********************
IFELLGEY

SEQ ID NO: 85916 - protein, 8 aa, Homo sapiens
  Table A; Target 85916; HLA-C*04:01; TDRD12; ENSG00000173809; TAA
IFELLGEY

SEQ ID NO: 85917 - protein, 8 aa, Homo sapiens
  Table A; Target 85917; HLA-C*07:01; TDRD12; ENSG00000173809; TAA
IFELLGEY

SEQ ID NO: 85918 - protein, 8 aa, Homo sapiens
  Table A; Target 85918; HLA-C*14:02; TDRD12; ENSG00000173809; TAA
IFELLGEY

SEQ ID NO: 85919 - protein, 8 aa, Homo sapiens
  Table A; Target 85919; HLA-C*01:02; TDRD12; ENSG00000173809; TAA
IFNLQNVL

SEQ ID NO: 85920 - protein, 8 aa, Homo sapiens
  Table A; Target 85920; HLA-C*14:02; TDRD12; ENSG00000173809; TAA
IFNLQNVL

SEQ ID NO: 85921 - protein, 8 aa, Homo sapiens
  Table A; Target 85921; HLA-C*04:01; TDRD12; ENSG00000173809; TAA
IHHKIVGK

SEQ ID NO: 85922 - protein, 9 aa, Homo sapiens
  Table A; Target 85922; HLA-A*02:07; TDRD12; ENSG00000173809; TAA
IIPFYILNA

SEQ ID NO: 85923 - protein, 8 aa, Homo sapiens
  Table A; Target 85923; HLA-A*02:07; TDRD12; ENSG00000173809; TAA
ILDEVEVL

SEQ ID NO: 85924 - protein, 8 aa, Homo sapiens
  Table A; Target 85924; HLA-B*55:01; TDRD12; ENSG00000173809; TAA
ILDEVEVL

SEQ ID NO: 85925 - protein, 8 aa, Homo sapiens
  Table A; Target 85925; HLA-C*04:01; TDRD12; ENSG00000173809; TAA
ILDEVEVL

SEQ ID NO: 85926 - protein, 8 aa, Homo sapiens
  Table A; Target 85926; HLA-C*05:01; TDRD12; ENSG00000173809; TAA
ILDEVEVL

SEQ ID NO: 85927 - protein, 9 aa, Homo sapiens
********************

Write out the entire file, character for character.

IFELLGEY

SEQ ID NO: 85916 - protein, 8 aa, Homo sapiens
  Table A; Target 85916; HLA-C*04:01; TDRD12; ENSG00000173809; TAA
IFELLGEY

SEQ ID NO: 85917 - protein, 8 aa, Homo sapiens
  Table A; Target 85917; HLA-C*07:01; TDRD12; ENSG00000173809; TAA
IFELLGEY

SEQ ID NO: 85918 - protein, 8 aa, Homo sapiens
  Table A; Target 85918; HLA-C*14:02; TDRD12; ENSG00000173809; TAA
IFELLGEY

SEQ ID NO: 85919 - protein, 8 aa, Homo sapiens
  Table A; Target 85919; HLA-C*01:02; TDRD12; ENSG00000173809; TAA
IFNLQNVL

SEQ ID NO: 85920 - protein, 8 aa, Homo sapiens
  Table A; Target 85920; HLA-C*14:02; TDRD12; ENSG00000173809; TAA
IFNLQNVL

SEQ ID NO: 85921 - protein, 8 aa, Homo sapiens
  Table A; Target 85921; HLA-C*04:01; TDRD12; ENSG00000173809; TAA
IHHKIVGK

SEQ ID NO: 85922 - protein, 9 aa, Homo sapiens
  Table A; Target 85922; HLA-A*02:07; TDRD12; ENSG00000173809; TAA
IIPFYILNA

SEQ ID NO: 85923 - protein, 8 aa, Homo sapiens
  Table A; Target 85923; HLA-A*02:07; TDRD12; ENSG00000173809; TAA
ILDEVEVL

SEQ ID NO: 85924 - protein, 8 aa, Homo sapiens
  Table A; Target 85924; HLA-B*55:01; TDRD12; ENSG00000173809; TAA
ILDEVEVL

SEQ ID NO: 85925 - protein, 8 aa, Homo sapiens
  Table A; Target 85925; HLA-C*04:01; TDRD12; ENSG00000173809; TAA
ILDEVEVL

SEQ ID NO: 85926 - protein, 8 aa, Homo sapiens
  Table A; Target 85926; HLA-C*05:01; TDRD12; ENSG00000173809; TAA
ILDEVEVL

SEQ ID NO: 85927 - protein, 9 aa, Homo sapiens